Hometown: Washington D.C.
December 3, 2012
a paper I'm working on: Many new and emerging democracies are caught in a capability trap where politicians receive support from voters and from international institutions despite a remarkable ineffectiveness to delivery basic public services such as health care, education and water. This trap is perpetuated through a technique called isomorphic mimetry, where emphasis is placed on the form (what the institution looks like) rather than the function (the actual performance). Social Mechanism Design and Relationship Imaging (Social fMRI), part of the emerging field of pervasive and mobile computing, provides unprecedented amounts of data about the behavior of individuals and communities through the use of mobile phone censors, and may provide insight into how institutions escape capability traps. This article begins to explore how Social fMRI, combined with traditional survey data, can help explain variation in performance of health and education facilities in Africa.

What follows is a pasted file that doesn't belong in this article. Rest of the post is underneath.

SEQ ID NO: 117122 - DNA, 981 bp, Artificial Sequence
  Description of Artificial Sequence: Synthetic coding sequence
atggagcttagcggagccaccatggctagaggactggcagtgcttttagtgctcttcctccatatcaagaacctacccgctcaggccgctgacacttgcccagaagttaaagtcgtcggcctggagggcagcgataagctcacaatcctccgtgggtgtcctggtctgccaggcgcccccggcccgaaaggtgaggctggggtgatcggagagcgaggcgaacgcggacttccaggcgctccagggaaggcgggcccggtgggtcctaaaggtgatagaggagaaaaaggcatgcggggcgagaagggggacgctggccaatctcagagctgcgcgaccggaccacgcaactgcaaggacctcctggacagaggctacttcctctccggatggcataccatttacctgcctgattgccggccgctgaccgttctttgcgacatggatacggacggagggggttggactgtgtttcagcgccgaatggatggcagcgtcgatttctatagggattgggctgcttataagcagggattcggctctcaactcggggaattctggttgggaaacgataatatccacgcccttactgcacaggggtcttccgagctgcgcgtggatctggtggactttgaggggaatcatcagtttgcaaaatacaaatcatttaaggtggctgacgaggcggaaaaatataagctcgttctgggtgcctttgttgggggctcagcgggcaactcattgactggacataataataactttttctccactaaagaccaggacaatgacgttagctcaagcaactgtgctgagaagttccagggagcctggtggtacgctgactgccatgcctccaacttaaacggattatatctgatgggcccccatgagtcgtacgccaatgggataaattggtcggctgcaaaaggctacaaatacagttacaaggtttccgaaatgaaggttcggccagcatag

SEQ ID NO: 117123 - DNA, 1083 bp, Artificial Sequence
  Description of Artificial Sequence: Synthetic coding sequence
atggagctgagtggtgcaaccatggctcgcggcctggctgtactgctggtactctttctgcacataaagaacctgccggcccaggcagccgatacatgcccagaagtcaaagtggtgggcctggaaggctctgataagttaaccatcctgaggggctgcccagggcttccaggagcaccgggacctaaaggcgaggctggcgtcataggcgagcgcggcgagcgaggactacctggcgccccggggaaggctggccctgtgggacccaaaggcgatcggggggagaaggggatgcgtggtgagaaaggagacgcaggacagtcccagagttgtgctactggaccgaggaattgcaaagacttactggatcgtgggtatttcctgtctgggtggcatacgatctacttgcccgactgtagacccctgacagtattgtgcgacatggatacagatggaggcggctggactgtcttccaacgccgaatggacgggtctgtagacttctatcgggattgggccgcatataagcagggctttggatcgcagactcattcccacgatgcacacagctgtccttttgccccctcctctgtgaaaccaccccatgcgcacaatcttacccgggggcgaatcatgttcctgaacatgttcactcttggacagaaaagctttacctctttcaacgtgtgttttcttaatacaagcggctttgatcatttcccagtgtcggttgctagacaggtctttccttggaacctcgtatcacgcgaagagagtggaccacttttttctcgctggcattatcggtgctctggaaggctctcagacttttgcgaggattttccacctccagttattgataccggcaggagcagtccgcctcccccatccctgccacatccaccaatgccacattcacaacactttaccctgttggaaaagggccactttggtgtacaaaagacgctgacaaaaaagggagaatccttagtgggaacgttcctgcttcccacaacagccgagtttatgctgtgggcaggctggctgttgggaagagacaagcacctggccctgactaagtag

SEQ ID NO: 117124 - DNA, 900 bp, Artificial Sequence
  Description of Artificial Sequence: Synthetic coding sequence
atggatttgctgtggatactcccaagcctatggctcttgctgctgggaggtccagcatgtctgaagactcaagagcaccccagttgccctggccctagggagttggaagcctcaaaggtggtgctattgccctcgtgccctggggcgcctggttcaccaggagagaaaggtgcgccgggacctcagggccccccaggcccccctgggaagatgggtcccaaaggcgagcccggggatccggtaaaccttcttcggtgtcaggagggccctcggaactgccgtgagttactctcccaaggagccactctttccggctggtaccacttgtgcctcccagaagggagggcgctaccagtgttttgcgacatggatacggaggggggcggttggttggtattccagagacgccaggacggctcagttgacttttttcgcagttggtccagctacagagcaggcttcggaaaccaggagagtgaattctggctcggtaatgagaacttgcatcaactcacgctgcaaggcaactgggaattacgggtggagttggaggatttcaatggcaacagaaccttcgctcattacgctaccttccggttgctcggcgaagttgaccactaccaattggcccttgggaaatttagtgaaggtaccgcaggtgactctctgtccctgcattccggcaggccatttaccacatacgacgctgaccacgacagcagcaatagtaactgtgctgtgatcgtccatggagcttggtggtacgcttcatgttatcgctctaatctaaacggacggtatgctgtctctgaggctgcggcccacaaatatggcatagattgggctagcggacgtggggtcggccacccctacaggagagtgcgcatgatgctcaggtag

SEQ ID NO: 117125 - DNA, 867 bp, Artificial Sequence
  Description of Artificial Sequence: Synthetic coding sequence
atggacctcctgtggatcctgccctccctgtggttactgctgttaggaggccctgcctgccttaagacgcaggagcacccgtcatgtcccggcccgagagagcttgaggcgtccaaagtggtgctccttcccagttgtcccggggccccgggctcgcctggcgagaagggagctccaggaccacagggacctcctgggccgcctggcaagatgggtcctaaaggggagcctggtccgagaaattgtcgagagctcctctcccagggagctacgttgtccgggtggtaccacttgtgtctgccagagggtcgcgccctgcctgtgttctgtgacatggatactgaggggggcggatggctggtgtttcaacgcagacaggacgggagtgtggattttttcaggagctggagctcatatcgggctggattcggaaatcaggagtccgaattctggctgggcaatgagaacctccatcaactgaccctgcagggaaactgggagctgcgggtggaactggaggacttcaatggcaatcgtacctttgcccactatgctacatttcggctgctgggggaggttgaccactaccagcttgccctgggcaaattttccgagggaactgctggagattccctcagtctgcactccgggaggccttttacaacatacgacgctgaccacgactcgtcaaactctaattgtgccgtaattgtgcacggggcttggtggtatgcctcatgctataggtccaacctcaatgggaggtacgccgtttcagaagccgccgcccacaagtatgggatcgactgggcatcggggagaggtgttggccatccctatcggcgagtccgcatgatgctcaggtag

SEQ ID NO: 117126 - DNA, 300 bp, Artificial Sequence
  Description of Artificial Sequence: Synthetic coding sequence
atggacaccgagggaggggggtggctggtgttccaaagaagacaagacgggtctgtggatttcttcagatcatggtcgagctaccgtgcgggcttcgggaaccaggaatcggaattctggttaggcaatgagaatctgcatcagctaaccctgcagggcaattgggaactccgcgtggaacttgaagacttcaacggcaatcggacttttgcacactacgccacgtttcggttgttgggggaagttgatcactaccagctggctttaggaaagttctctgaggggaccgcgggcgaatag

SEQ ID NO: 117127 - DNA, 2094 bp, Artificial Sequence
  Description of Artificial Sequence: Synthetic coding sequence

Joshua Goldstein (@african_minute) is a PhD candidate at Princeton University’s Woodrow Wilson School, where he studies technology and governance and internet policy in Africa. He is a consultant with the World Bank Group, and lives in DC & Nairobi.